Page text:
"He was constantly gardening," Steve said. "Mom said. 'If he digs another hole in this yard, I'm going to divorce him.'"

Steve said Janet did a lot of cooking for events, including dinner at their home when the son of the president of Zanzibar was visiting HJC.

"This is where Janine and I had so many experiences," Steve said.

They even found a handwritten note from then-Vice President Richard M. Nixon to their father among their father's belongings.

Fred enjoyed performing with the Potomac Playmakers, and the Ottos were active socially at Fountain Head Country Club.

Steve and Janine have childhood memories of their father carving pumpkins with them, going down sled runs in a saucer with them and building bonfires to light the slope, and of families gathering to play baseball together after dinner.

"It was a family unit the way it was meant to be," Steve said.

Janine remembers a difficult time in the family when Steve was diagnosed with throat cancer in his mid-40s and not expected to live.

"I remember planning Steve's funeral with Dad," Janine said.

He survived, thanks to an experimental drug.

Despite his schedule, Fred always made time to be at Steve and Janine's plays and concerts in high school. Steve played trumpet as a student at South Hagerstown High School, and Janine played the flute at Boonsboro High School.

"I think what's kind of neat in a way is that with the active schedule we had in high school, there was no doubt in my mind if there was a play or concert, he was always part of our high school," Steve said.

Fred took pride in his family's roots in the Sharpsburg area, where he grew up, dating to the Civil War.

The Otto farm at Antietam National Battlefield near Burnside Bridge was the site of a field hospital during the Battle of Antietam. Bricks for the Dunker Church were made on the Otto farm, according to Fred's historical information.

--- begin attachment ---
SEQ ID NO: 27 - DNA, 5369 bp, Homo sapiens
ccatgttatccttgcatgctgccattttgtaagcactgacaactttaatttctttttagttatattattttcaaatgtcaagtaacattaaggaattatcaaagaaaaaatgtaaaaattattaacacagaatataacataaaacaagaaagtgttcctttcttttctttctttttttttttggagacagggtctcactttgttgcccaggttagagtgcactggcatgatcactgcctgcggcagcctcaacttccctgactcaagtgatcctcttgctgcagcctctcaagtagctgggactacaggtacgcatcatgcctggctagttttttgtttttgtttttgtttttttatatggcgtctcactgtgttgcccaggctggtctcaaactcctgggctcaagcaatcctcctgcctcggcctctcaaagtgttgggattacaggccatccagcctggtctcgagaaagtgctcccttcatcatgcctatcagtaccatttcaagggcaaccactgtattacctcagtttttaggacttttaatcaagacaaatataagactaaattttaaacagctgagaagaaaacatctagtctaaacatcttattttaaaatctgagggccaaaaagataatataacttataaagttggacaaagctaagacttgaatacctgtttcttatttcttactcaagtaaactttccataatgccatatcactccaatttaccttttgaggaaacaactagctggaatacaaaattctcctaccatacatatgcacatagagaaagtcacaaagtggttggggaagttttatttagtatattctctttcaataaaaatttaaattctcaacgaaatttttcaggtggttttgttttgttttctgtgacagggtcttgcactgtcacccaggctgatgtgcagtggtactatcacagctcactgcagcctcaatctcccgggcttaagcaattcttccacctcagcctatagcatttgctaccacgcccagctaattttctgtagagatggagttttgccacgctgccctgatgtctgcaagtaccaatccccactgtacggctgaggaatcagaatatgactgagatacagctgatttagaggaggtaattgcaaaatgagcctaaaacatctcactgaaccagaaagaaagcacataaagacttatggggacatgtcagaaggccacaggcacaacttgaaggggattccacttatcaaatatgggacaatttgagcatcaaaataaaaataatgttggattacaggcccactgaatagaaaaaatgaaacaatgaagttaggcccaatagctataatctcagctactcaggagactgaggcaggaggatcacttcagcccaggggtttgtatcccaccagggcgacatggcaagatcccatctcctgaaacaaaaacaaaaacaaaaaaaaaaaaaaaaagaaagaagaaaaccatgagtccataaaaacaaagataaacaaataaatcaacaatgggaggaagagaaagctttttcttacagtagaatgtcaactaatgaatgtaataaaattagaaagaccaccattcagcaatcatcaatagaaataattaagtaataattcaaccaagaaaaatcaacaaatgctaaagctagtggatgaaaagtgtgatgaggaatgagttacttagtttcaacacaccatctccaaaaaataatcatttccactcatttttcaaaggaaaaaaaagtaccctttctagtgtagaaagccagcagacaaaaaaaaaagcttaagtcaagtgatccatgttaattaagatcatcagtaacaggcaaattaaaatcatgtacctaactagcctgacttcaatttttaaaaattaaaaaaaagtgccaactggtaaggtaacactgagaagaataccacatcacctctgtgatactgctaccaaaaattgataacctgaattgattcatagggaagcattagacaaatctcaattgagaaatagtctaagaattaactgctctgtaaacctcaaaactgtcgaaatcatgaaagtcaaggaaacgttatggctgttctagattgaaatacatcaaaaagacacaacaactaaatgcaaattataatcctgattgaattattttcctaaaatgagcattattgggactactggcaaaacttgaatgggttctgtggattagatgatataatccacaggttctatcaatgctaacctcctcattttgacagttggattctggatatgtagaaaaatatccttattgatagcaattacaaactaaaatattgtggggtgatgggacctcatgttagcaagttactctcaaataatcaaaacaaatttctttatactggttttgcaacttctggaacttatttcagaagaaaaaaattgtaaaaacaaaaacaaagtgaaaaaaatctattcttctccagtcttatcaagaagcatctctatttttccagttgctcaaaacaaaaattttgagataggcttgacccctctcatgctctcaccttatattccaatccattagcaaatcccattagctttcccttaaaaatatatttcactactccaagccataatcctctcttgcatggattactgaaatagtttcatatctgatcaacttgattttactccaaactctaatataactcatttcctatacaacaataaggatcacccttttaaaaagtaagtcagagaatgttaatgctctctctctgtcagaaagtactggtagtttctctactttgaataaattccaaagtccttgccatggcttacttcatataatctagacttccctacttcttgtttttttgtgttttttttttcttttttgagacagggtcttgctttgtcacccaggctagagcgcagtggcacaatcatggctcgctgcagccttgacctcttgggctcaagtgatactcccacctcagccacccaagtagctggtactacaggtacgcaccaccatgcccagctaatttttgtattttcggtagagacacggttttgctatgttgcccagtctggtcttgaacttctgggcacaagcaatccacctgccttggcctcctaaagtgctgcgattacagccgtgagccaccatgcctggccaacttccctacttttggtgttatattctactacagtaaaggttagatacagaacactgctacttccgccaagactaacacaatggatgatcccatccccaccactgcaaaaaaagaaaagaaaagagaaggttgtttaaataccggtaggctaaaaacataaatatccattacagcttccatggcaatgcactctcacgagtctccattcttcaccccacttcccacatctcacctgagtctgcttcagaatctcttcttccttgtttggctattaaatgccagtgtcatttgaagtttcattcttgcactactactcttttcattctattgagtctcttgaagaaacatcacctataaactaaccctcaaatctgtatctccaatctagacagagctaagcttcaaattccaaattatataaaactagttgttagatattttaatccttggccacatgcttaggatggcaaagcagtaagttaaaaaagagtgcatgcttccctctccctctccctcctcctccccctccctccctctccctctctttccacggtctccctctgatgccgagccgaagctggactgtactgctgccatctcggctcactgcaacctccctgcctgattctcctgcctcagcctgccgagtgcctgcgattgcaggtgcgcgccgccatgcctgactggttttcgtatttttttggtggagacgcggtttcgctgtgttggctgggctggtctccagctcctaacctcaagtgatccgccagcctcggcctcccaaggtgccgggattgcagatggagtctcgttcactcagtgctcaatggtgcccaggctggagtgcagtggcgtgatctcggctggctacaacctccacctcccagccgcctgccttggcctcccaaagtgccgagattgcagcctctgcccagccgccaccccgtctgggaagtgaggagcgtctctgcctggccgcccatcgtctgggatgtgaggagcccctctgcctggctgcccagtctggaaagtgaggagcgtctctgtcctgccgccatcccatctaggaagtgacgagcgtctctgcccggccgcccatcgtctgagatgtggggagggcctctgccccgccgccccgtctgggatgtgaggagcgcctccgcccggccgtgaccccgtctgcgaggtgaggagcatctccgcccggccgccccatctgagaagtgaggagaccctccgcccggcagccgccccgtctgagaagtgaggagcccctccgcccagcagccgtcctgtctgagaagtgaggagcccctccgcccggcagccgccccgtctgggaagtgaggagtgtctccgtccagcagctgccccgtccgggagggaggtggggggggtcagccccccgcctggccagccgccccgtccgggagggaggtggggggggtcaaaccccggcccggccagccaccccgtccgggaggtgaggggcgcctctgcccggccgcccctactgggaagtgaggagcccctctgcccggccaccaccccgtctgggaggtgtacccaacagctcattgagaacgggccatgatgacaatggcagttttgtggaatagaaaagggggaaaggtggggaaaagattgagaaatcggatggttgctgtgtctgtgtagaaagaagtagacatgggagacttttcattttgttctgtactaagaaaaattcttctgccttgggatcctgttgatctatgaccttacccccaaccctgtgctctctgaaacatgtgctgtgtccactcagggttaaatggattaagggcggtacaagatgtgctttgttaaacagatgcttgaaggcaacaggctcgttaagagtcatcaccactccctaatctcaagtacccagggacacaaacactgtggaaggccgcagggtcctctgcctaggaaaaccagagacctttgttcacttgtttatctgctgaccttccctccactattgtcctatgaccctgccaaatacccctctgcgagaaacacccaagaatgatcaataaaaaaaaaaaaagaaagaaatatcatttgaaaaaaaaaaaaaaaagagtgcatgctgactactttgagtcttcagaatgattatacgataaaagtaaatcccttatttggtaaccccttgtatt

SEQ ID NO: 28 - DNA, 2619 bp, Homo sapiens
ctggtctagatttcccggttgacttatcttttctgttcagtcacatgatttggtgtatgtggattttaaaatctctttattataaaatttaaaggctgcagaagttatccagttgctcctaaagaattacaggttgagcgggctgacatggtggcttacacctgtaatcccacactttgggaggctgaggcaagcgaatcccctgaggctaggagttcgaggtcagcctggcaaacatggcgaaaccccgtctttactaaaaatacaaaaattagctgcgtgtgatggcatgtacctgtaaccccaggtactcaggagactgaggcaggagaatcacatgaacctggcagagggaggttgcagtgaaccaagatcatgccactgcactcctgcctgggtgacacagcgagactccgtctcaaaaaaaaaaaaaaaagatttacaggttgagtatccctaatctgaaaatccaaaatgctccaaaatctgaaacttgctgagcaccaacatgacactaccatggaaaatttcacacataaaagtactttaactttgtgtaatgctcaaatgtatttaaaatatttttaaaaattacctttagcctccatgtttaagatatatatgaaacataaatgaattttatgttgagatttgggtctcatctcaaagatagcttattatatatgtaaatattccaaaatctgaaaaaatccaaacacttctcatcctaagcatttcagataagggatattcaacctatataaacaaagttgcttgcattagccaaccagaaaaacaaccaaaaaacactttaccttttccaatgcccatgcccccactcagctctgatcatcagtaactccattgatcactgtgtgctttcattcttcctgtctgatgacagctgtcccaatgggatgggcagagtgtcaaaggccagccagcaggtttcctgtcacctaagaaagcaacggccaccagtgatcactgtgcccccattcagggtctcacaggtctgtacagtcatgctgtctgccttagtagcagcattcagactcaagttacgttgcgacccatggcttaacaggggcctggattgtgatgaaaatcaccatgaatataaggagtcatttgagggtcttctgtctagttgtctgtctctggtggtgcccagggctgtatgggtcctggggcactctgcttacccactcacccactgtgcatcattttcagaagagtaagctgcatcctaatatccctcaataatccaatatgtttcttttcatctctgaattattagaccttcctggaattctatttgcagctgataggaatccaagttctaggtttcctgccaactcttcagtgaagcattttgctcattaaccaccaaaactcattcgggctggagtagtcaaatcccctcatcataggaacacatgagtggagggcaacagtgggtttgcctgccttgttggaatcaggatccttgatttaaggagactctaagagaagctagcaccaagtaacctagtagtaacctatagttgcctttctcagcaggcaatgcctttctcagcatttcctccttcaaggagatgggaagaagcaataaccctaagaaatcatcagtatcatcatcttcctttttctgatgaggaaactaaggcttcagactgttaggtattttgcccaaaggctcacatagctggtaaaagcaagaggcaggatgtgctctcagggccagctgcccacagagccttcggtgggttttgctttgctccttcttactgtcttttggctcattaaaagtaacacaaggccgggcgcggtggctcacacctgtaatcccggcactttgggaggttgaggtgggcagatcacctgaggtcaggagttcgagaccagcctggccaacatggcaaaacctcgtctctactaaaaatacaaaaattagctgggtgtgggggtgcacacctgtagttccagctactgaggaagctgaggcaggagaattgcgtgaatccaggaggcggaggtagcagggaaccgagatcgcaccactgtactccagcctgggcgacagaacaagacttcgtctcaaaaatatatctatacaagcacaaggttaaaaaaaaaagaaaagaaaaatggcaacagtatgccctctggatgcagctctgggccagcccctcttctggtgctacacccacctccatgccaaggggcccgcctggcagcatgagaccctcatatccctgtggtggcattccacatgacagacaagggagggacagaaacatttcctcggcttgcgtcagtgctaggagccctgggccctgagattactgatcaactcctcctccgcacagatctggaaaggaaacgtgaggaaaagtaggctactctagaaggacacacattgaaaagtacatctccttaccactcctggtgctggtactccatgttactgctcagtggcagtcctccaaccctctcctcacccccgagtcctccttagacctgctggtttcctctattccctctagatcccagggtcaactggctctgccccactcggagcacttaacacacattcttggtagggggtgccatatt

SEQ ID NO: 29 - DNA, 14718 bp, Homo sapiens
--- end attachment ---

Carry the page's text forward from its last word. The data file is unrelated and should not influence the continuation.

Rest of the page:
Steve said his father's childhood nickname was "Backstreet Freddie" when the family lived on a street behind Main Street. His family then moved to Main Street in Sharpsburg and his nickname was changed to "Upstreet Freddie."

Fred served in the U.S. Navy during World War II as a communications officer and Navigation Division officer, in both the Atlantic and Pacific theaters.

During Fred's funeral service, the Rev. Ann Boyd of St. John's Episcopal Church referenced how many lives Fred touched — whether in academics, through his family or his community involvement. Fred grew up in the Brethren Church, then after he married Janet, was involved with several local Presbyterian churches. The couple most recently attended St. John's Episcopal.

As Steve and Janine have been "taking care of business" since Fred's death, people have reminded them again and again about Fred's smile.

"He loved to come into a room singing and dancing," Janine said. "Everybody we talked to at the viewing and funeral talked about how he was a fun-loving guy everyone wanted to be around."

Fred was diagnosed years ago with myasthenia gravis, a neuromuscular disorder, but the symptoms were kept at bay with medication that was suggested through the Muscular Dystrophy Association, Steve said.

A year ago, Fred was rushed to University of Maryland Hospital in Baltimore with congestive heart failure. A nonmalignant mass also was found on his pancreas.

He began having trouble walking due to neuropathy, and macular degeneration was affecting his sight.

"The bottom line was he was tired," Steve said.

"He did have a very full, wonderful life," Janine said.